When Lists Collide!

December 14, 2012 Speaker: Pastor Cameron Arensen Series: Romans

Scripture: Romans 14:1– 15:13

I was walking to school one day when I was in seminary, carrying my briefcase filled with theology textbooks when an older man stopped me on the street corner and thrust a printed brochure or flyer into my hand. I paused, looked down, and saw that it was a Gospel tract. So I stopped, introduced myself, and told the man that I was also a Christian and studying to be a pastor. I commended him for his zeal and his evangelistic effort and we had several moments of good fellowship.

Then his eyes kind of narrowed as he looked at me, and he said, “If you’re a Christian, how come you look like that?” Now, I suppose I should pause here and give a brief description of myself. This was the 1970’s, the era of hippies, long hair, beards, bell-bottom trousers and paisley shirts. By the standards of the day, I was actually dressed rather conservatively. But my hair (which I had back then) did cover my ears, and curl over my collar. I didn’t wear a full beard, but I did have beautiful, long bushy sideburns that swept up and joined my mustache, making me look somewhat like a general from the American Civil War era. My new friend on the street corner continued to zero in. “Long hair and long whiskers are a sign of rebellion. Real Christians shouldn’t look like that. They should be clean cut, well groomed and neat looking. You can’t serve the Lord looking like that.” And so our brief moments of Christian fellowship came to a rather abrupt end.

That is an amusing, yet rather sad and far too common story of what can happen when lists collide; when Christians disagree about what constitutes Christian behavior or appearance or life-style.

Let me set our context once again. This is the second of two messages taken from Romans 14 and 15. Paul is talking about what I have been calling our lists; our “to do” lists and our “not to do” lists as Christians. I will emphasize again what I said last week; that there are actually two lists. There is a list of things about which God has spoken very clearly and given clear commands or directives. “Thou shalt,” and “Thou shalt not…” In these matters there should be no debate. God has spoken and we must obey. But there are hosts of other issues about which we have no specific word from the Lord, or where there are differences of opinion and interpretation. Within that grey area of ambiguity, different Christians have different ideas of what is right and what is wrong, and of what constitutes Christian behavior and a Christian life-style.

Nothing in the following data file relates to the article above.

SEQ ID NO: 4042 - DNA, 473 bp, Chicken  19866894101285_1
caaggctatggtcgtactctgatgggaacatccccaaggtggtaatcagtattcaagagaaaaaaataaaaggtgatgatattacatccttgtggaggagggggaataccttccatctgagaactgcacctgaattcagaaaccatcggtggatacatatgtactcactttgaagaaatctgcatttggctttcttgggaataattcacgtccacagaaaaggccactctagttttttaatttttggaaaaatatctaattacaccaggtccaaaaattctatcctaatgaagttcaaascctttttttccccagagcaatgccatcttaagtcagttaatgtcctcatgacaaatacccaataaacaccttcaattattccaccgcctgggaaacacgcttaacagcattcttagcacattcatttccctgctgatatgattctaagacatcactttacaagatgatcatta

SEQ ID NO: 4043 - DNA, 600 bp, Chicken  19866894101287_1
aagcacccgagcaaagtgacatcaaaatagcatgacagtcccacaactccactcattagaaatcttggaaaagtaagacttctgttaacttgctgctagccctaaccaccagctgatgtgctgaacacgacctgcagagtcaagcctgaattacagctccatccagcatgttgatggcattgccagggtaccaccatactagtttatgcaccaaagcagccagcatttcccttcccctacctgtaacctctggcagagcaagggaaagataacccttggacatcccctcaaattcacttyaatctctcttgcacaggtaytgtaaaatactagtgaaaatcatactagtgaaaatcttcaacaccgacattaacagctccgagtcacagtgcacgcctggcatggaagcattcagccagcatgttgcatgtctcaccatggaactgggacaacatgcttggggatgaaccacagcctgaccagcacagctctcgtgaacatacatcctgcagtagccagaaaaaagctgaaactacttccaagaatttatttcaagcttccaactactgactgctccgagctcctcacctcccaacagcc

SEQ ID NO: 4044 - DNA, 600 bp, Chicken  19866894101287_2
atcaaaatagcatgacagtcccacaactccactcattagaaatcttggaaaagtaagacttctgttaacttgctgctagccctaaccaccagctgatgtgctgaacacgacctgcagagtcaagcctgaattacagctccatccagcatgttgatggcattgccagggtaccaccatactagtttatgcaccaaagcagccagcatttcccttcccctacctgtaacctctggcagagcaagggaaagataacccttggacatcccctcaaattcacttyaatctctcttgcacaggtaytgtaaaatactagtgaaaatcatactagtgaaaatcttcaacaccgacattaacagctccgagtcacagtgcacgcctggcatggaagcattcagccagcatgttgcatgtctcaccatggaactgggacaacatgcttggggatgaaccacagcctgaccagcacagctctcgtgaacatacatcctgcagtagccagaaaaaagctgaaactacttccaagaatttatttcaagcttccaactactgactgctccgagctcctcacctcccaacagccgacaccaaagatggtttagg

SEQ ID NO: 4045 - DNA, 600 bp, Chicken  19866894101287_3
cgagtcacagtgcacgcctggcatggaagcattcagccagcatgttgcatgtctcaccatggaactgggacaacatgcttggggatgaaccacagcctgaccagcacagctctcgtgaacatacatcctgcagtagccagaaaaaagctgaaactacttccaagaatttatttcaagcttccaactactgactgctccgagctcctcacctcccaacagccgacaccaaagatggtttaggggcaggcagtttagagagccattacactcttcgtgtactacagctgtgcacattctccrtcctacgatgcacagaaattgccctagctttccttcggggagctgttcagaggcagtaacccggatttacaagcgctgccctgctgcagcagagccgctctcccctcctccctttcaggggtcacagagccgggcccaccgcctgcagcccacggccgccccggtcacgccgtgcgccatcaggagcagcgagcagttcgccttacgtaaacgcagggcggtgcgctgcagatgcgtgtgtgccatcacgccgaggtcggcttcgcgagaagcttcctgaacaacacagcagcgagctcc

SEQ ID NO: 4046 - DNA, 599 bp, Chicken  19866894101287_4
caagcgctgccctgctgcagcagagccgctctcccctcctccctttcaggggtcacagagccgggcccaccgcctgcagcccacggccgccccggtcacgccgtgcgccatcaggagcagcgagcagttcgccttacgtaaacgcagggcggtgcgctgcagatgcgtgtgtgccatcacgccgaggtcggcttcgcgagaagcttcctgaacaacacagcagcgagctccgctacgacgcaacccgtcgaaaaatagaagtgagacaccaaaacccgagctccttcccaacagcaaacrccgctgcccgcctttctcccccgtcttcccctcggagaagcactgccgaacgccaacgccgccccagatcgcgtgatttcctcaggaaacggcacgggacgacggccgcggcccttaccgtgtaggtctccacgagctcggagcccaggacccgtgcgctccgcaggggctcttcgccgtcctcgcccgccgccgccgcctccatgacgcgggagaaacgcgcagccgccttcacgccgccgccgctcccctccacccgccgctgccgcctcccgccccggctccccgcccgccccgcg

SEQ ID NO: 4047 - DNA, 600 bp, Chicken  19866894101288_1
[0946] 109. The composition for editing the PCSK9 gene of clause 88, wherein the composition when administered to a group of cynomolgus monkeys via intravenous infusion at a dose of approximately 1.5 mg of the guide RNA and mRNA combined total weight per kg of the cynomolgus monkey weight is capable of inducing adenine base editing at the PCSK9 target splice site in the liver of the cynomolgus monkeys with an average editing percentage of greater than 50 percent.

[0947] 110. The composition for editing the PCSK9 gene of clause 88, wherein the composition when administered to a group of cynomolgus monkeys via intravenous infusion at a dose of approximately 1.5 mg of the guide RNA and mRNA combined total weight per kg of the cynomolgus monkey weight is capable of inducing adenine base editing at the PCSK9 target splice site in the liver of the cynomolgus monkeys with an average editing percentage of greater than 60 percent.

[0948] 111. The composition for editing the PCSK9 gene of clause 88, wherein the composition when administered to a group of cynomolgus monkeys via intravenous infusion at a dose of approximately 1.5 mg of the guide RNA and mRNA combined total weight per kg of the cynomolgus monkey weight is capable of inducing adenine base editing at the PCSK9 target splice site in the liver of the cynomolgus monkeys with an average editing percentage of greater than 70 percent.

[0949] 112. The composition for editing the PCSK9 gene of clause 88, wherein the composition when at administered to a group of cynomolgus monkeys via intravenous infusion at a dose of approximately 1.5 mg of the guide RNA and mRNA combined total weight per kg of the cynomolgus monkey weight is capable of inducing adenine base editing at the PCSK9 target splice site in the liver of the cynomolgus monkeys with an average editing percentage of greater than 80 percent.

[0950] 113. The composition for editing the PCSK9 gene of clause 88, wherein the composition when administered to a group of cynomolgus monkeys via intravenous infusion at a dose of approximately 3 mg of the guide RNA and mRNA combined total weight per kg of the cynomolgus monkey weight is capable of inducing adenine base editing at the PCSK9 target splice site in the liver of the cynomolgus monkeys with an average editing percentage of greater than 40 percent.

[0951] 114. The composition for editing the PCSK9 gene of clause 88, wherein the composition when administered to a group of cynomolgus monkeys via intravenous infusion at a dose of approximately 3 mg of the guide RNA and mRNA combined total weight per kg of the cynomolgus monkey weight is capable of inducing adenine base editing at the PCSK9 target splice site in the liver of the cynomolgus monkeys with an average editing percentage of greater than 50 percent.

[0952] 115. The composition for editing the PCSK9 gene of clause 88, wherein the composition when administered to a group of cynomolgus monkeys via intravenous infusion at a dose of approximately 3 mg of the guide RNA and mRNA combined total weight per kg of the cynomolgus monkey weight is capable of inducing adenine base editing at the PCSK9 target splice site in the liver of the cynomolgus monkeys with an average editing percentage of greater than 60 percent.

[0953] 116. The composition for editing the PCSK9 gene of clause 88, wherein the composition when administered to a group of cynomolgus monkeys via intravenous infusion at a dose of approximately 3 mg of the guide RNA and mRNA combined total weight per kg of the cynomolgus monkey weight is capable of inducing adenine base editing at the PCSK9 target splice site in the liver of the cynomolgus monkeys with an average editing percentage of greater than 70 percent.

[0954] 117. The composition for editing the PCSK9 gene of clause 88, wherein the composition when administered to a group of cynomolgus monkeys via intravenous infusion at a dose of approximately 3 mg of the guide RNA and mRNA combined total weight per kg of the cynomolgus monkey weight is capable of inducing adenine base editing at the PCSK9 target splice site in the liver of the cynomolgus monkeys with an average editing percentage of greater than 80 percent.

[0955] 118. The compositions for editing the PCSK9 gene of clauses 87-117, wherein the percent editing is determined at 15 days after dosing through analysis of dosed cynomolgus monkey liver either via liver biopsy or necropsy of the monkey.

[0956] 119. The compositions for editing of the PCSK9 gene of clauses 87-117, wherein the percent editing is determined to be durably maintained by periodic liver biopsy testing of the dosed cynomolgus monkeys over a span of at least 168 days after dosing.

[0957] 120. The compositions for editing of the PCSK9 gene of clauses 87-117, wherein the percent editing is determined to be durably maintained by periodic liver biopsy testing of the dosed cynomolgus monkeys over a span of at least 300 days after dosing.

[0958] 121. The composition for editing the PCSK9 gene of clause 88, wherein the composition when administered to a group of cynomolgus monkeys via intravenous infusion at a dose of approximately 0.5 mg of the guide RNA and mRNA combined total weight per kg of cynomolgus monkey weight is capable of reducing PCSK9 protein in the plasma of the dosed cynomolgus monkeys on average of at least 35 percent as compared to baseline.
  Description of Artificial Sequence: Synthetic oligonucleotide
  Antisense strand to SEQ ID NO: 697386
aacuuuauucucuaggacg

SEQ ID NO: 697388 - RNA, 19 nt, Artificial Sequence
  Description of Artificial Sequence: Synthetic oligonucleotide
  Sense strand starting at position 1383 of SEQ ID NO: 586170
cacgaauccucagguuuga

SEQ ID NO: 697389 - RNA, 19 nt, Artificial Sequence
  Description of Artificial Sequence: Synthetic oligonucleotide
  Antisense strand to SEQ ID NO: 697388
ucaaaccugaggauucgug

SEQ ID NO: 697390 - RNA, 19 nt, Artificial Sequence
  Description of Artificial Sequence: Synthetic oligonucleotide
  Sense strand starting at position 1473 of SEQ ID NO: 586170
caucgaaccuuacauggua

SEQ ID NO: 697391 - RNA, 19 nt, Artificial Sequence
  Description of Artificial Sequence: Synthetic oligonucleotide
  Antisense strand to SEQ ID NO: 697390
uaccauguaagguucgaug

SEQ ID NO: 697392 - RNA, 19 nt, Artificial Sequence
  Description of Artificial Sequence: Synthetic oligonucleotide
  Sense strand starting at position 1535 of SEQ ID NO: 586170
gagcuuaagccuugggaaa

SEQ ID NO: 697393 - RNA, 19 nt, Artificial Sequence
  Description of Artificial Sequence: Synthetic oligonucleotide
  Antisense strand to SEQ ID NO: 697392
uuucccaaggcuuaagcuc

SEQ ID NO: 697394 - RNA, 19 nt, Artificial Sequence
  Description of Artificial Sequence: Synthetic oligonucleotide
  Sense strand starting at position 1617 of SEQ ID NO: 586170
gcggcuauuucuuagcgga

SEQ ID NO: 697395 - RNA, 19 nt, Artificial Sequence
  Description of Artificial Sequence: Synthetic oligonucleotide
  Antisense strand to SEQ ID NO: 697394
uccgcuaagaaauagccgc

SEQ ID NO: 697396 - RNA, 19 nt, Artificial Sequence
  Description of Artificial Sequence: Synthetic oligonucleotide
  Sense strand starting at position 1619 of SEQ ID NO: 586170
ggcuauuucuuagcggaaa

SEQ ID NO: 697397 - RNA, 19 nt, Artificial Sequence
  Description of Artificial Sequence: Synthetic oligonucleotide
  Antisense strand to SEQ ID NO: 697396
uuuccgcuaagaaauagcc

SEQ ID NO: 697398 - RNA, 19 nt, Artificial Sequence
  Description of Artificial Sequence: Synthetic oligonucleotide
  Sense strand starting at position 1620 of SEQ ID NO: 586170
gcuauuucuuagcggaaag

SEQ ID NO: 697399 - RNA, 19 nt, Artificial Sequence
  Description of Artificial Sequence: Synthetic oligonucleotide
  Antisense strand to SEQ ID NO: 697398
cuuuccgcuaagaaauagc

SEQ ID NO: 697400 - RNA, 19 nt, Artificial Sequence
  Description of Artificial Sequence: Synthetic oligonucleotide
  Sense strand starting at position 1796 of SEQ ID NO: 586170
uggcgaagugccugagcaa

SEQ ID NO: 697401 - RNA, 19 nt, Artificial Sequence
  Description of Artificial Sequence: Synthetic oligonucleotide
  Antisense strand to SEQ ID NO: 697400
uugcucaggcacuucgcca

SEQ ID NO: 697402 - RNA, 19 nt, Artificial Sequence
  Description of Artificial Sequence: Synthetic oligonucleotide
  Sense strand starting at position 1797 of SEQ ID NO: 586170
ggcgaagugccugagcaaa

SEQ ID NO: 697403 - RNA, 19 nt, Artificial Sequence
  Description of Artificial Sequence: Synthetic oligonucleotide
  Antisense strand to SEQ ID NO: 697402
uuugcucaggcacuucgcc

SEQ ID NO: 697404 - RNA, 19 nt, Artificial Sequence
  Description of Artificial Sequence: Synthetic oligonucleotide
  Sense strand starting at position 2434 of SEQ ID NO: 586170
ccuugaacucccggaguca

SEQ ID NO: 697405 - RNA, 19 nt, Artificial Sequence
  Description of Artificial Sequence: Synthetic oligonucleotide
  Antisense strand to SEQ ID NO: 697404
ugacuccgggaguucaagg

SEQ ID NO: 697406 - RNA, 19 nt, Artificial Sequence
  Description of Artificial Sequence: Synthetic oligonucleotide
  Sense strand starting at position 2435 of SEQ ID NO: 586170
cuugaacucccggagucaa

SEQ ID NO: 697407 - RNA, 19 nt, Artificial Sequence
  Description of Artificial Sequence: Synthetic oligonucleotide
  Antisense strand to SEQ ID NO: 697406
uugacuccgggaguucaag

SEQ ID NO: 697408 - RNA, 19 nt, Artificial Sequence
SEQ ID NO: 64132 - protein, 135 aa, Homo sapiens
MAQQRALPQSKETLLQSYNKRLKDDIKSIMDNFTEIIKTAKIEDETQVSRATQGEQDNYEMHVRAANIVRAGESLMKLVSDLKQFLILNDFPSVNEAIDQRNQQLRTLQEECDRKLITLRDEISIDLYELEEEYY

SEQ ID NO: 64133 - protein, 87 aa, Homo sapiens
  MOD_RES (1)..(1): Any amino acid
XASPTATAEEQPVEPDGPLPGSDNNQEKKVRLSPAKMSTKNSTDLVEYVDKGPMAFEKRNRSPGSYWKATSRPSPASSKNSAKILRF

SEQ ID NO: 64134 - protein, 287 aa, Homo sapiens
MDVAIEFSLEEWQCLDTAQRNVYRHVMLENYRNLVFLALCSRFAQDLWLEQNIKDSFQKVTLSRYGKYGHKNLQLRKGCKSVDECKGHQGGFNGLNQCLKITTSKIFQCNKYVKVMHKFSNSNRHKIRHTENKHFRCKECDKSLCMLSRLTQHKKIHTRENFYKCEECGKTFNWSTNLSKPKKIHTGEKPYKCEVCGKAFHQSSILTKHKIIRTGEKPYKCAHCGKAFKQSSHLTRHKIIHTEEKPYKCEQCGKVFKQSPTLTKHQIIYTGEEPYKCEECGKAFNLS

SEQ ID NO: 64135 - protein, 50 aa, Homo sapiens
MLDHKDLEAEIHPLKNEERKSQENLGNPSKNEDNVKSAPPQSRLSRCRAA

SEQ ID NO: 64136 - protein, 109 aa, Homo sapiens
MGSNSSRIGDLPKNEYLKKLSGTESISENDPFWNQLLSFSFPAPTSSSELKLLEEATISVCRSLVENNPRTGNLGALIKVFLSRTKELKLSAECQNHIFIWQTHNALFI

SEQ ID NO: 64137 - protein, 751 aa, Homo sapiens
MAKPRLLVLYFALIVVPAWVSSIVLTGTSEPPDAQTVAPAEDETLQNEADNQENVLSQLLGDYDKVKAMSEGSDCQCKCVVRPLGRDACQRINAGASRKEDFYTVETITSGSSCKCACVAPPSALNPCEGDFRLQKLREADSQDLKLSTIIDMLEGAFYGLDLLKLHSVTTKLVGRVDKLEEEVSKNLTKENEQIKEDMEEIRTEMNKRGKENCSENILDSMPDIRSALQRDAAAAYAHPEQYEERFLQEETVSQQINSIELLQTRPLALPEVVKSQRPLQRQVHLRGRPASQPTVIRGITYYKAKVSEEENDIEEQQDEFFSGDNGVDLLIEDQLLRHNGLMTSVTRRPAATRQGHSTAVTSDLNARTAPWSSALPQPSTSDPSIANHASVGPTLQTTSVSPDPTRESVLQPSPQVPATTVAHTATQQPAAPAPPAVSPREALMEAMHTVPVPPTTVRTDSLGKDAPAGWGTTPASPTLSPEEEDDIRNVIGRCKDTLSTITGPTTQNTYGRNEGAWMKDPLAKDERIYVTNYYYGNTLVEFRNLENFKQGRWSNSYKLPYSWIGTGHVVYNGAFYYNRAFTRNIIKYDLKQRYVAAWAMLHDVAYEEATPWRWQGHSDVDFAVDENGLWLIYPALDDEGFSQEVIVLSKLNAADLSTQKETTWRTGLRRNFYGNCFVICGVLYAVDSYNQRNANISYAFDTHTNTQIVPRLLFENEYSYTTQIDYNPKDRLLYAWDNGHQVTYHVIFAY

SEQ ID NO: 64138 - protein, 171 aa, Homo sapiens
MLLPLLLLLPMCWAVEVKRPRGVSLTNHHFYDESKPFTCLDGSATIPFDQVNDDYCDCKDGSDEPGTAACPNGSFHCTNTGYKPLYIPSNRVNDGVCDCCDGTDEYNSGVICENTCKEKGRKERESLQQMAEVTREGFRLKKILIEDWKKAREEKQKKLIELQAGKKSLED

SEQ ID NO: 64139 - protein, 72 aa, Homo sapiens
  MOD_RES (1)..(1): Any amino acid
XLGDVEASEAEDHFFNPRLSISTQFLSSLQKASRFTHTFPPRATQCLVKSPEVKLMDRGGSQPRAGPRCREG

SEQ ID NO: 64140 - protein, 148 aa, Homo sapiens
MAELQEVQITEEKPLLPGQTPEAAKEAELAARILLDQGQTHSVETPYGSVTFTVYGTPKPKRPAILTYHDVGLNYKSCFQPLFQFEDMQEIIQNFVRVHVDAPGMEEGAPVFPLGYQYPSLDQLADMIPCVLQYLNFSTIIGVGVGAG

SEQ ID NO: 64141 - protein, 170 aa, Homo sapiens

In Romans 14:1, Paul talks about “quarreling over opinions.” The NIV translates this “disputable matters.” This is the arena of discussion in these two chapters.

In last week’s message, we talked about “making our lists.” We need to have convictions and live by our convictions if we desire to live with a clear conscience before God. If you weren’t here last week, I would encourage you to go online to the church website and read or listen to that message.
But what happens when our lists collide; when we have differences of opinion with other believers?

If you have ever watched a TV show or a movie of a crime or undercover operation in which timing is essential, there often comes a time when one of the characters will say, “Let’s synchronize our watches.” Christians often spend a great deal of time and energy trying to “synchronize our lists.” In that effort, I have both bad news and good news. The bad news is we will never succeed. That is because, as we found out last week, there is no divinely mandated, “one size fits all” list. Because of our different backgrounds and experiences, and the different meanings and symbolism of different activities and articles, there are some things that can actually be right for one person, but wrong for another. Our lists can vary dramatically from one person to another, from one church to another and from region to region.

I remember Stuart Briscoe sharing an amusing story that illustrates this point. Christians in a church denomination in Europe had been receiving disturbing reports about the worldliness of their churches in America. So they decided to send a delegation to investigate and see if these reports were true. When the delegation returned, they made their report. “Yes,” they said. “The stories are true. Christians in America have become very worldly and loose in their standards. Many of the women dress inappropriately, even to church. Some even wear slacks and pant suits to church and they wear lots of jewelry. The men drive flashy and extravagant cars. And they engage in many forms of worldly entertainment on the Sabbath.” As they shared their report, the list of failings became longer and longer and they became so distraught and saddened by what they were saying that they began to weep. They shed great tears, and the tears ran down their faces and down their cigars and dripped into their beer.